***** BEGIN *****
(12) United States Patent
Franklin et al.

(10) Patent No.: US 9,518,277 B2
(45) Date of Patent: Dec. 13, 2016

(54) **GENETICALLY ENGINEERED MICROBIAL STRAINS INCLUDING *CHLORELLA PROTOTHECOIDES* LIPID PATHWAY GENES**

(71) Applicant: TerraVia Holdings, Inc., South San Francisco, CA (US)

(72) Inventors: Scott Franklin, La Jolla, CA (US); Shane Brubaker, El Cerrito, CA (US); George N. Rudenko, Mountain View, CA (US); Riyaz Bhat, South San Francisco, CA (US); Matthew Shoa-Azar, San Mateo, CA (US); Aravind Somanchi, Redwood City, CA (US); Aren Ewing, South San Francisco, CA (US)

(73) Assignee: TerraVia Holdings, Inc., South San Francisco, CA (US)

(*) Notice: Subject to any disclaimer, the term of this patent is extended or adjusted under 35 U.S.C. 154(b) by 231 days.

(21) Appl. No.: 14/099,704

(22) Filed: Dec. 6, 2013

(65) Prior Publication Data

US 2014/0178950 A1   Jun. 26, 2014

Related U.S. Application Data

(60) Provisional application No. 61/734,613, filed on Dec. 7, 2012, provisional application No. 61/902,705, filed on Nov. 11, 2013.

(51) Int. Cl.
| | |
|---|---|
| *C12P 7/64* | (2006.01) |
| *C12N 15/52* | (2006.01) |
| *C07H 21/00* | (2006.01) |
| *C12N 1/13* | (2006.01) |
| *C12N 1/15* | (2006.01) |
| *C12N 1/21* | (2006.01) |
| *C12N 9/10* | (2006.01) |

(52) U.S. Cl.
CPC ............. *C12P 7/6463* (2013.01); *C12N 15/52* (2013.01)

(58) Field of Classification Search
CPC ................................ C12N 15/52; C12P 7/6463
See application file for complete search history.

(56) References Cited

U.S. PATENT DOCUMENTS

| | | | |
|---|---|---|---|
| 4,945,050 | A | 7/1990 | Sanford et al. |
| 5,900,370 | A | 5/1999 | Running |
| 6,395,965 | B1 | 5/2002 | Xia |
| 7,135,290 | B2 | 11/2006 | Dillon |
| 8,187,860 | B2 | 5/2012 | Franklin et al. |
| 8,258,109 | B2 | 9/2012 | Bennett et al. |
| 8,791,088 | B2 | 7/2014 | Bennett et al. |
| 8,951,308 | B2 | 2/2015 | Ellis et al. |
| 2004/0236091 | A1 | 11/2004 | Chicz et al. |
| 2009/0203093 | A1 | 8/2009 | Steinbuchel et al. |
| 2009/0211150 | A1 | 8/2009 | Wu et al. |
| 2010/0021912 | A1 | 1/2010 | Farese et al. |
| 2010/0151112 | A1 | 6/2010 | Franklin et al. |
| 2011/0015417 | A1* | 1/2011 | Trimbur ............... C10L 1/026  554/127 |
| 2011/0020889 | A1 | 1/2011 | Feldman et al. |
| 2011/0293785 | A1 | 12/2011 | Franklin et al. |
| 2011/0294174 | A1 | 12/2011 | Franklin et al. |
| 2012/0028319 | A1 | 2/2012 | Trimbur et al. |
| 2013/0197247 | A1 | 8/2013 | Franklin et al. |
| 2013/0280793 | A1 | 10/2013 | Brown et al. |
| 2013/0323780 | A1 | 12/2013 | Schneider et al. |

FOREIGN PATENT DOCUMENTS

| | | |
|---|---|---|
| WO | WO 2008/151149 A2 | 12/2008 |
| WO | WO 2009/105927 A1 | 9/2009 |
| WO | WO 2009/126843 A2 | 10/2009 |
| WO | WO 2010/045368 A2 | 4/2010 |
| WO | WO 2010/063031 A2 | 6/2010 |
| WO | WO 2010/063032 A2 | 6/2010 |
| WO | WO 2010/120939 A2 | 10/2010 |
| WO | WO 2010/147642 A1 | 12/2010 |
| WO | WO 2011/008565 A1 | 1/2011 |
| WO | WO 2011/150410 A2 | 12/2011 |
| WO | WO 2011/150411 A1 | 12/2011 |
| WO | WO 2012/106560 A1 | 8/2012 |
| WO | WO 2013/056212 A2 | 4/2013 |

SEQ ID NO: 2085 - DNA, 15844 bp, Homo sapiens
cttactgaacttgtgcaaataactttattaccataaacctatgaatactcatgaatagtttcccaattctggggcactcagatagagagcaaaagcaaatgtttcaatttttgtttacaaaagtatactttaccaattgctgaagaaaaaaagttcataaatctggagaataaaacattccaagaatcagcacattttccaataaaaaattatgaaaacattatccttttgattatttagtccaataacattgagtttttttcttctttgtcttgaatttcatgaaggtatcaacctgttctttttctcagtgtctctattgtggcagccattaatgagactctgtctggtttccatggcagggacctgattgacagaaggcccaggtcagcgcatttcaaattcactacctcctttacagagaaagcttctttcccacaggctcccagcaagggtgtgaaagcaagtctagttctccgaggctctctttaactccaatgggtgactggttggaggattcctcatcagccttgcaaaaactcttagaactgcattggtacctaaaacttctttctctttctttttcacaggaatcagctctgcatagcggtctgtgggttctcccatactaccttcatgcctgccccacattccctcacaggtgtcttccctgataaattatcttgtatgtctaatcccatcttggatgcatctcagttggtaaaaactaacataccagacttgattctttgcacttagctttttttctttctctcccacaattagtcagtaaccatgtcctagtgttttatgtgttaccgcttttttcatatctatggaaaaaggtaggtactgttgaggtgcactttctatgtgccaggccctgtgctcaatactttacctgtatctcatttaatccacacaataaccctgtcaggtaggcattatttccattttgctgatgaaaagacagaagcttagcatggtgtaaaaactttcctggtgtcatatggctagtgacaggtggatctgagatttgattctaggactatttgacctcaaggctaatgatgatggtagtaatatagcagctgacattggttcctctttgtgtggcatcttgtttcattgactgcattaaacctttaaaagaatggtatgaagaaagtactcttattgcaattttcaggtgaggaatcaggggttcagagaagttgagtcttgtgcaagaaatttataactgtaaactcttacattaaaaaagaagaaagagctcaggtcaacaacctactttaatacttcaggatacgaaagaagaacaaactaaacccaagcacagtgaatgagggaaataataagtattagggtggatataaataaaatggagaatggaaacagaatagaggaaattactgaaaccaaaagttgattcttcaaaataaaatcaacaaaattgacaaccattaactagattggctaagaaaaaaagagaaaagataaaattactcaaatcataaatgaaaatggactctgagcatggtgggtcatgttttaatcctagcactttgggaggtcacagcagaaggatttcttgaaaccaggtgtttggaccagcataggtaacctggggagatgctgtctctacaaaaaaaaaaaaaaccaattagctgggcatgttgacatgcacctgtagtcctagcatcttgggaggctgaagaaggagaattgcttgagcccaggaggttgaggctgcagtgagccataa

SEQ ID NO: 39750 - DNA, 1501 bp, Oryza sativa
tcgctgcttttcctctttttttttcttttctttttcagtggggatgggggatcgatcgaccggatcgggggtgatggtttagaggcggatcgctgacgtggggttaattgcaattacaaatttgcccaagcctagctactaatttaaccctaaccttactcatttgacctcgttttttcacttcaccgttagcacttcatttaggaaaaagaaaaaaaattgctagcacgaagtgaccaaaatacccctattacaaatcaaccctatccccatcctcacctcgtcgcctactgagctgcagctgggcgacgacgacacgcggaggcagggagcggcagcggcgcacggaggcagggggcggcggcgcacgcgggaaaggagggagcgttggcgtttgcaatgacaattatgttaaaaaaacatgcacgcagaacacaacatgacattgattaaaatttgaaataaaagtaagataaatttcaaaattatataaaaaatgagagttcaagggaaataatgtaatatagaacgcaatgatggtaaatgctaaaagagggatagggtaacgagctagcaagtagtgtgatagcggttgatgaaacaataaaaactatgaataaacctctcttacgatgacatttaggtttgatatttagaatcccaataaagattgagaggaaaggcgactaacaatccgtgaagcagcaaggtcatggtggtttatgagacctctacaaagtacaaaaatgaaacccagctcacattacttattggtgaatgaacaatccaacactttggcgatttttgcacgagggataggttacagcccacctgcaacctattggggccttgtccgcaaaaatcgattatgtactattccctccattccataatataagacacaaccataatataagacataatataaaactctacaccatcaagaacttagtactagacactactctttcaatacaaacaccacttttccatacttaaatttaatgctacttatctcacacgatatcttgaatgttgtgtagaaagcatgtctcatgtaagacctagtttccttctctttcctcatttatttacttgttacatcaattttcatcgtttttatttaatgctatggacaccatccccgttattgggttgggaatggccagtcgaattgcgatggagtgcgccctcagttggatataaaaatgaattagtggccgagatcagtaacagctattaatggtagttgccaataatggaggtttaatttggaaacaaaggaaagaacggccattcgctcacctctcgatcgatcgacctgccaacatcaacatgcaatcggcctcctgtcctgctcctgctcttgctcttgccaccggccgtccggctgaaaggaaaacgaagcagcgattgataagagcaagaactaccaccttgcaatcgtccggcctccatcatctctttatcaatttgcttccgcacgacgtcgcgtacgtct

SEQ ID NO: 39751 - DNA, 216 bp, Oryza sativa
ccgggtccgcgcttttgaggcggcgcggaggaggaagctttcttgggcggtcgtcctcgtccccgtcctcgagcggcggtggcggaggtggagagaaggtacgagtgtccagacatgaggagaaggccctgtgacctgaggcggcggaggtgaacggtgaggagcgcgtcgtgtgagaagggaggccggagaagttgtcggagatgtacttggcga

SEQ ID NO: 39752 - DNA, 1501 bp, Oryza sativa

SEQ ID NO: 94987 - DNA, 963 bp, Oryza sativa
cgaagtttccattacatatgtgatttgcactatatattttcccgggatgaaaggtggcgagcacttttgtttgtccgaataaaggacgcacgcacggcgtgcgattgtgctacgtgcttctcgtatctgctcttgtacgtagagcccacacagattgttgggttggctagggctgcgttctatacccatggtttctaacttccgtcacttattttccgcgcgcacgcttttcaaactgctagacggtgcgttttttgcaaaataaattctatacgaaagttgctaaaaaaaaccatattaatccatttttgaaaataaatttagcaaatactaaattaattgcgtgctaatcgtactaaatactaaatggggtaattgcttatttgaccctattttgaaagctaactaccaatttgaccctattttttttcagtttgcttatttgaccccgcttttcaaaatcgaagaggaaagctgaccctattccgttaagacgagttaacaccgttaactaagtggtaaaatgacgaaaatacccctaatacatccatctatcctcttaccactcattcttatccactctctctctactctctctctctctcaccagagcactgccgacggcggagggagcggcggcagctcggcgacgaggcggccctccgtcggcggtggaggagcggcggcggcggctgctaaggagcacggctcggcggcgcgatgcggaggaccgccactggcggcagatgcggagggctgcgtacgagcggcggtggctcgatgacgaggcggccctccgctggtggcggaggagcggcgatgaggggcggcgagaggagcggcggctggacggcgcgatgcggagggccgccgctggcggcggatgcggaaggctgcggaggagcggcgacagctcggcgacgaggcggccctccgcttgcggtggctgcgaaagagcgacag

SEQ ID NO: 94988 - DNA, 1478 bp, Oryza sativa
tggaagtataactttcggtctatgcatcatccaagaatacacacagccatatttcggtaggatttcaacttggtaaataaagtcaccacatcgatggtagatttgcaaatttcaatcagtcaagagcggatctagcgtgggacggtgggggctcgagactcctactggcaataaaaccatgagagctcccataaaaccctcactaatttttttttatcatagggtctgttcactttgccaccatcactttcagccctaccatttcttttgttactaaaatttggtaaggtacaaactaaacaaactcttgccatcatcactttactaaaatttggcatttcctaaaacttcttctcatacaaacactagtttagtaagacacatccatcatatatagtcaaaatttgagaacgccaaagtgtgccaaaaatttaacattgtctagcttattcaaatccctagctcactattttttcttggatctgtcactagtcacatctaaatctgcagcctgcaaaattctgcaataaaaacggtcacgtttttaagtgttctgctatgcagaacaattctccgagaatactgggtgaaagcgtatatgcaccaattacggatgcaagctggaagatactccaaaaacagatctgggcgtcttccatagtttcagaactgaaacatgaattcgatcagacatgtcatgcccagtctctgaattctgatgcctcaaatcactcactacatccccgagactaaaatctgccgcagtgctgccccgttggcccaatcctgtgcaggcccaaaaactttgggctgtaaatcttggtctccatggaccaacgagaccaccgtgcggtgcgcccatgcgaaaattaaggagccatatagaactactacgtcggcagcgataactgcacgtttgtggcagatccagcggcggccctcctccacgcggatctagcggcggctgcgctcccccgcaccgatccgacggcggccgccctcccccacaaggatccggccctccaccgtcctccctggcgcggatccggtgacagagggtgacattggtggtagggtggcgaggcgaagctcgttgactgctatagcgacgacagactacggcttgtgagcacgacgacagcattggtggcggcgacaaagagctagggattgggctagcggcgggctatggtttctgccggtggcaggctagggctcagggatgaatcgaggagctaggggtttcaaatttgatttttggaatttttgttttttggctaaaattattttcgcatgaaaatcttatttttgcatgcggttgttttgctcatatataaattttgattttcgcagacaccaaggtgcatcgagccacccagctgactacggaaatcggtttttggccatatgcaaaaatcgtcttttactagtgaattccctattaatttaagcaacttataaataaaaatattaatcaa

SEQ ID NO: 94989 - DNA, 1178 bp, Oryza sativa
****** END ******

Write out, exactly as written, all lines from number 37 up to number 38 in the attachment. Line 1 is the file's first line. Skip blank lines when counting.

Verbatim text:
| 6,395,965 | B1 | 5/2002 | Xia |
| 7,135,290 | B2 | 11/2006 | Dillon |